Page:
Once the engines ignited, it took a while to clear the launch pad. And when it did, it blew a crater several metres deep below it. It also sent boulders, rocks and dust for kilometres, which upset many nearby residents, some up to four kilometres away. There was also concern over the welfare of nearby wildlife.

As well, several engines failed, which may have been due to damage caused from the flying pieces of concrete.

A small figure stands among the damage of a SpaceX launch pad in Boca Chica, Texas.

As the rocket ascended, it began to flip uncontrollably, and the first stage didn't separate. Rockets are equipped with flight termination systems for just such cases. However, it appeared that the ones on Starship failed to work. Eventually, the rocket exploded, four minutes after liftoff.

The fallout from the launch triggered an investigation by both Fish and Wildlife Services and the Federal Aviation Authority. In the meantime, SpaceX continued to work on several issues to improve both the launch pad and the rocket.

"They had that one launch … [where] they got a tremendous amount of data, I am sure," Fjeld said.

The FAA required SpaceX to take 63 corrective actions and to apply for a modified licence before launching again.

What's new this time?

SpaceX started working on the issues of concern immediately after the launch.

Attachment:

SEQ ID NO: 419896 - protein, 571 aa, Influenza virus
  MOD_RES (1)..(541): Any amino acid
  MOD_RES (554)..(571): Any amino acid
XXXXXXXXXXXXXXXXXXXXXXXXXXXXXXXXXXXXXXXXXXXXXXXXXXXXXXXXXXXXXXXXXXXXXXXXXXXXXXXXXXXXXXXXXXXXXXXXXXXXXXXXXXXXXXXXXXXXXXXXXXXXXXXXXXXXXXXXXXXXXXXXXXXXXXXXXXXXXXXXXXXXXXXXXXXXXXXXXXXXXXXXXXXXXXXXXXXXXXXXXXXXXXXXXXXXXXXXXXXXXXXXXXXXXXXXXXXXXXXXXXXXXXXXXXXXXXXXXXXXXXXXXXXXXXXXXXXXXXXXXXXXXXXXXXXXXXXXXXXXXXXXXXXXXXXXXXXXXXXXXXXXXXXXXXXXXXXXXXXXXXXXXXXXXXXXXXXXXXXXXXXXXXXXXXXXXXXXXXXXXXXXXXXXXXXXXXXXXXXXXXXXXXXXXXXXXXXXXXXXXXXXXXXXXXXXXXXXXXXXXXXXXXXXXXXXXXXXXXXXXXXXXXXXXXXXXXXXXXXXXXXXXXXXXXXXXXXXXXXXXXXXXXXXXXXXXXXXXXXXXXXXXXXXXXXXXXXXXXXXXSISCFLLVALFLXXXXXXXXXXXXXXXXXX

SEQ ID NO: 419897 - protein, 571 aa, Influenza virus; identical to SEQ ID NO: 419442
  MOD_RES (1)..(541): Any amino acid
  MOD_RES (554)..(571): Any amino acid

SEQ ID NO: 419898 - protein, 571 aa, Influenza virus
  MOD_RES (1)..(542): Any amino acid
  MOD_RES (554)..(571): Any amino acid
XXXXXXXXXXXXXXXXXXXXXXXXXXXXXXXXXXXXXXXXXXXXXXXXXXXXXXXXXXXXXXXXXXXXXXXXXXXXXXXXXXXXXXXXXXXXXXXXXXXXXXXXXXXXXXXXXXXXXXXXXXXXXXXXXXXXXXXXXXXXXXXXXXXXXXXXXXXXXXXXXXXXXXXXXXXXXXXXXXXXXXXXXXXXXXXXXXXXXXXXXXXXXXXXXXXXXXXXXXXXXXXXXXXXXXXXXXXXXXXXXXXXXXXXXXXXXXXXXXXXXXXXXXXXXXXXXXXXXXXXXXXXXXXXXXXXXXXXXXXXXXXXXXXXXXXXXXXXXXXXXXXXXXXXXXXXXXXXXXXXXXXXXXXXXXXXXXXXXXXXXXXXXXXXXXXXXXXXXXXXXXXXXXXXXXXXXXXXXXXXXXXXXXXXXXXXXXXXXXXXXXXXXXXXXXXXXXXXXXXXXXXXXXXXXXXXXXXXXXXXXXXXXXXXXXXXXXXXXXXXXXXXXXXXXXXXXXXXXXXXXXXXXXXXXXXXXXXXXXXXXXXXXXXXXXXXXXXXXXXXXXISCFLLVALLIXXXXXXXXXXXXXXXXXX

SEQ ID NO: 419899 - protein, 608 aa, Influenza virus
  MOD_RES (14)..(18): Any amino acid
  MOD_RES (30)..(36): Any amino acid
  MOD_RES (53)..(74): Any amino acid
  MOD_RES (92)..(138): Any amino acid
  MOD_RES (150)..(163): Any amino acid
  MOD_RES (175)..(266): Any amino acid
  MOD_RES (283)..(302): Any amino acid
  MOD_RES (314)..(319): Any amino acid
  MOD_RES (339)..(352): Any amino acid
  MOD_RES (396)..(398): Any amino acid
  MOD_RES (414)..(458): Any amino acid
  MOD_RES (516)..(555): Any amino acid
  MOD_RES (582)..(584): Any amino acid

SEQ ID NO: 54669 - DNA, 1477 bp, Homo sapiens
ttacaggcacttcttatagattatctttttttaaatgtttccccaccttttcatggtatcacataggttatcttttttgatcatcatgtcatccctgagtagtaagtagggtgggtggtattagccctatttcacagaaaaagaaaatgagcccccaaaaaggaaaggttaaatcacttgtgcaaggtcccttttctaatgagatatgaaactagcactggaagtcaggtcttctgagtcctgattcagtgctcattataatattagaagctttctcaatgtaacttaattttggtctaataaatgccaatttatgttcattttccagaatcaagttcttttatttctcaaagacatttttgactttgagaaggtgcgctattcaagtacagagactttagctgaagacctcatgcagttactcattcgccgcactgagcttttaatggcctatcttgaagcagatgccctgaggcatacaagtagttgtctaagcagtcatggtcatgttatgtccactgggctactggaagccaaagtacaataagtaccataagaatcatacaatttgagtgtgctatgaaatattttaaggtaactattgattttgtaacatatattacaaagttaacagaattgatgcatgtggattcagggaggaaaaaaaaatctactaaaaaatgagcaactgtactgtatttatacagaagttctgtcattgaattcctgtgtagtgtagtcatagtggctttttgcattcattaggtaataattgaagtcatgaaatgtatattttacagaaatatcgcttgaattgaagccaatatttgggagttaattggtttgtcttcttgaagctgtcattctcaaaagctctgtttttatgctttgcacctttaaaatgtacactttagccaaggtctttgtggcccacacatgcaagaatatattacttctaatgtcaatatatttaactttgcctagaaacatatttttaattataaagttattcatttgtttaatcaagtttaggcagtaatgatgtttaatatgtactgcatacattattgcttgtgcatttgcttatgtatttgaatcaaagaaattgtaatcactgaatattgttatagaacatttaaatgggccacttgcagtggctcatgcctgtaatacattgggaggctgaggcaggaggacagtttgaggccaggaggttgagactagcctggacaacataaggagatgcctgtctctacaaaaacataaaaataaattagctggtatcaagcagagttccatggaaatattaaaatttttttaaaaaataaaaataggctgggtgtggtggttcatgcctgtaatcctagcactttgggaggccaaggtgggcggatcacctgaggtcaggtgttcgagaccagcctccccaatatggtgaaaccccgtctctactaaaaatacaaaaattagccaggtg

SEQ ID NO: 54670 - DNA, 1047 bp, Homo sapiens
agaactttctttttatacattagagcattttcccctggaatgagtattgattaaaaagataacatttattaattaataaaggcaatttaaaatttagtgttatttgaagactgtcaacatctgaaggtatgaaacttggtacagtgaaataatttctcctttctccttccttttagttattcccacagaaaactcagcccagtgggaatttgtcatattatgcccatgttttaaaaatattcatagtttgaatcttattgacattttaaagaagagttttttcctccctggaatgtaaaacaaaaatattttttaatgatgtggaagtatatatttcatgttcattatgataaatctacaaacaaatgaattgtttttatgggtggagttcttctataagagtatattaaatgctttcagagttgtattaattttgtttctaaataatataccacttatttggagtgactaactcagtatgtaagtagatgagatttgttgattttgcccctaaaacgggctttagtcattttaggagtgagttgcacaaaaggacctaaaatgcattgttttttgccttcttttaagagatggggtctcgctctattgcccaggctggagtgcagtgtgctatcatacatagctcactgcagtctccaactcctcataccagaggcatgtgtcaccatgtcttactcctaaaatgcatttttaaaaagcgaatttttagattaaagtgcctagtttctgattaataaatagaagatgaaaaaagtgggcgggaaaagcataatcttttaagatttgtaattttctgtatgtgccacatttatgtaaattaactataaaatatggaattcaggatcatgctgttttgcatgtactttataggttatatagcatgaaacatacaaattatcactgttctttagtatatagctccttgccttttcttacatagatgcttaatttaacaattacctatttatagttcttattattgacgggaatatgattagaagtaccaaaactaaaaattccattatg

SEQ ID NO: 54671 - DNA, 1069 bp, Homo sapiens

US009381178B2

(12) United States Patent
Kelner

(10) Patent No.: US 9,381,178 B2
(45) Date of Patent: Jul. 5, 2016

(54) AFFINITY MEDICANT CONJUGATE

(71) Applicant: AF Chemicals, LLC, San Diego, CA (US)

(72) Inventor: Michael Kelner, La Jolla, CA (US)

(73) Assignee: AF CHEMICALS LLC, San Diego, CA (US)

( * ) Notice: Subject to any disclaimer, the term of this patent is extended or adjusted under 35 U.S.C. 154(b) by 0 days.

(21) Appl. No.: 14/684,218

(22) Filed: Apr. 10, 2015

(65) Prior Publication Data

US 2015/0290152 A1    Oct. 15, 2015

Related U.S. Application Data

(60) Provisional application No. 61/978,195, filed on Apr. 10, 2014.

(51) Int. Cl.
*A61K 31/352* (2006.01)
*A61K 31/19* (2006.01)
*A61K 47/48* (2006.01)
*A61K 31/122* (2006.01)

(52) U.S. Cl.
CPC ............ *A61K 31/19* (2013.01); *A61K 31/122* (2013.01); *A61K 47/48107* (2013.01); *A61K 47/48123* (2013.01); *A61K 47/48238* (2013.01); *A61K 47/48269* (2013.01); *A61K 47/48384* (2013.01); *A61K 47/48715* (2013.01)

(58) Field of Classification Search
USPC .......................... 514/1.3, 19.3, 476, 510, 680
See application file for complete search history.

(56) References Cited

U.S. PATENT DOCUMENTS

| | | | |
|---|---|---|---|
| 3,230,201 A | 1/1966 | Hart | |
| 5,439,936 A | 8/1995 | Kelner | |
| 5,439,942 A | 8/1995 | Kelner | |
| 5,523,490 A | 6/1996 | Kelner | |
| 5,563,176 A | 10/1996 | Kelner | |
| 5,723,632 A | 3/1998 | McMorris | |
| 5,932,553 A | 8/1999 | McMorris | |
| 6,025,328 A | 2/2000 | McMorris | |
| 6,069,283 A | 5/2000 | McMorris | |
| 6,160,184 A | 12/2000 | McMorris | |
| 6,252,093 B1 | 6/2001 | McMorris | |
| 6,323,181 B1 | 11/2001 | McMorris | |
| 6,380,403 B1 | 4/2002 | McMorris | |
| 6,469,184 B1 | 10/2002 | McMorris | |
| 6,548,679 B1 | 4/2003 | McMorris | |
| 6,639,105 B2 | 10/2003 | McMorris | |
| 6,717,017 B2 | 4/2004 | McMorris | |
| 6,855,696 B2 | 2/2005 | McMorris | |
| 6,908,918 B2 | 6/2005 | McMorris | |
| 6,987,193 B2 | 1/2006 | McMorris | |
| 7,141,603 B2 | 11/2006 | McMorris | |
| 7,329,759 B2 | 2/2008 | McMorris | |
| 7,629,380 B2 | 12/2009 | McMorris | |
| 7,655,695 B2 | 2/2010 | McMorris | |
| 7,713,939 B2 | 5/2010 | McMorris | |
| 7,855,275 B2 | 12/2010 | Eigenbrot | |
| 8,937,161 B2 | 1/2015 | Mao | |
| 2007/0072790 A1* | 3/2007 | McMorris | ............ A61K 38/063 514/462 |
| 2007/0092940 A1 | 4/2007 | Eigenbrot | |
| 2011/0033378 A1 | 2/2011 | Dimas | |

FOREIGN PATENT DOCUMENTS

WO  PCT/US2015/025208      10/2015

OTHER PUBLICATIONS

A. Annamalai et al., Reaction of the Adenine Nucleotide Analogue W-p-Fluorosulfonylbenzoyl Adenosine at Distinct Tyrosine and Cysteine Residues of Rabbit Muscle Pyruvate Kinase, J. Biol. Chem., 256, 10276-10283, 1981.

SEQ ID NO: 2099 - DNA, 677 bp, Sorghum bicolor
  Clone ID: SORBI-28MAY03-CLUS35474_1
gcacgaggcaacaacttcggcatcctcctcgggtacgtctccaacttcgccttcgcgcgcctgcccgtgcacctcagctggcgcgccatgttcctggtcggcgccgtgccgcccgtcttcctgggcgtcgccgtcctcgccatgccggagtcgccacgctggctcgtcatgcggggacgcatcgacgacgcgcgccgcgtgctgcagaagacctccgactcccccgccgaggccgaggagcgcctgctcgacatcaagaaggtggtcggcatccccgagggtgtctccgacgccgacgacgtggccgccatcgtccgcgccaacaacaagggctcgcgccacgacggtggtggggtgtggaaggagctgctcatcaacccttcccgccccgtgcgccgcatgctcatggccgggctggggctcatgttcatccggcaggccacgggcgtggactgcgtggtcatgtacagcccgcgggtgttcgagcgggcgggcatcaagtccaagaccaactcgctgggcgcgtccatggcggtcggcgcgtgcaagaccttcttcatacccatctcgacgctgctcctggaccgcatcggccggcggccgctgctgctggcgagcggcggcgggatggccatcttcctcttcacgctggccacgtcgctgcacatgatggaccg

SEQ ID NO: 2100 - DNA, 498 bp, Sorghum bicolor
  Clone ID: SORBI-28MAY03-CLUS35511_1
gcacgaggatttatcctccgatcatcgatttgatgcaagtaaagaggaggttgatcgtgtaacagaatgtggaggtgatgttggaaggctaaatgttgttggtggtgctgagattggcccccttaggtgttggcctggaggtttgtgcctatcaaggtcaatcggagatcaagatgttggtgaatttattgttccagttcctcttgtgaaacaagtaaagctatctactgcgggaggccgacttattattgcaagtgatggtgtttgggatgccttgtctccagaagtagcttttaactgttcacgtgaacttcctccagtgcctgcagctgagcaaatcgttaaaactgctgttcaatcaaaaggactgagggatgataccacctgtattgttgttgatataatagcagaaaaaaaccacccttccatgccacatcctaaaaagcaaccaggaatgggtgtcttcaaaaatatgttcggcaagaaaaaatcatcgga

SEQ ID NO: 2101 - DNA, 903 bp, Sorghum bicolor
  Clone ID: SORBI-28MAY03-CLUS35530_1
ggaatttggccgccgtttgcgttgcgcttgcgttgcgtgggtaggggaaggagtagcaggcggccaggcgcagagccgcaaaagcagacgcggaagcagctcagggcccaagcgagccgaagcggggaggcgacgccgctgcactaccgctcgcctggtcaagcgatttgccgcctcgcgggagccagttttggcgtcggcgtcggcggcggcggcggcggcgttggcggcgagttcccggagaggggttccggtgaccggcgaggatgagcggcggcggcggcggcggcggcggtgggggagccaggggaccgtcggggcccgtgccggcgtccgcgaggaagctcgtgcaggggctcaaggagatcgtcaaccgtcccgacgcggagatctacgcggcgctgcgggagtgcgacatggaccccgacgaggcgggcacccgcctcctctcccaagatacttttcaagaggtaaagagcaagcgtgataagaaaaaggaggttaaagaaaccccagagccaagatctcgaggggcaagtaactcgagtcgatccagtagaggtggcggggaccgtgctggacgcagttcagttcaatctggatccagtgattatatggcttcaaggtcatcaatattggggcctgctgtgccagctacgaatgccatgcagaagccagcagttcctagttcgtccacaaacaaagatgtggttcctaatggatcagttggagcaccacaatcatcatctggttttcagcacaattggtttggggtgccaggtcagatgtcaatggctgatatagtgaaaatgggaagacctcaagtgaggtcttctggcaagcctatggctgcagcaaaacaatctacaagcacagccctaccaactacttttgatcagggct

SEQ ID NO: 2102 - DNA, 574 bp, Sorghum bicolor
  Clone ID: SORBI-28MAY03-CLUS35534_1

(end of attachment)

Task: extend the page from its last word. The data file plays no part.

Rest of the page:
Among other changes, there have been modifications to the launch pad itself.

Most launch pads have a way of ensuring the rocket and the pad aren't damaged due to the powerful forces — especially acoustic waves — that happen once the engines are fired (and remember, the Super Heavy has a whopping 33). Sometimes, it's a water suppression system or a large trench that diverts the flames away.

The Starship launch pad had none of that, just a form of heavy-duty concrete called Fondag.

WATCH | Starship's 1st integrated test (April 20, 2023):

But since then, they've made some changes to the pad, reinforcing the foundation and including a water suppression system, which they tested with a static fire (meaning they light the engines without allowing the rocket to lift off) in October.

They also added another component to the rocket itself.

"The attempt we saw last time back in April, the Starship failed to separate from the Super Heavy booster," said Jordan Bimms, a space historian and professor of science communication at the University of Chicago. "So now they are going to a hot staging method where the the upper stage Starship will ignite with the bottom stage still attached."

That hot stage method helps boost performance, saving energy and time in an industry where both are incredibly valued.

"Musk is a fanatic about not losing performance where you don't have to," Fjeld said.

He's optimistic about Friday's prospects.

"I'm very excited to see it go. And I actually think that they've probably solved most of the problems," he said. "I would be more surprised than not if they did not make it to near-orbit."

As for Bimms, though he loves every rocket launch, he'll be watching this second test cautiously.

"I want to be more excited than I really am, you know, because I do see this opening up more activity in space, which to me is exciting," he said.

"But it's like, who is holding the keys, who is directing this area of of technological innovation? It's not somebody who I'm particularly excited about being in control of it."

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Credit belongs to : www.cbc.ca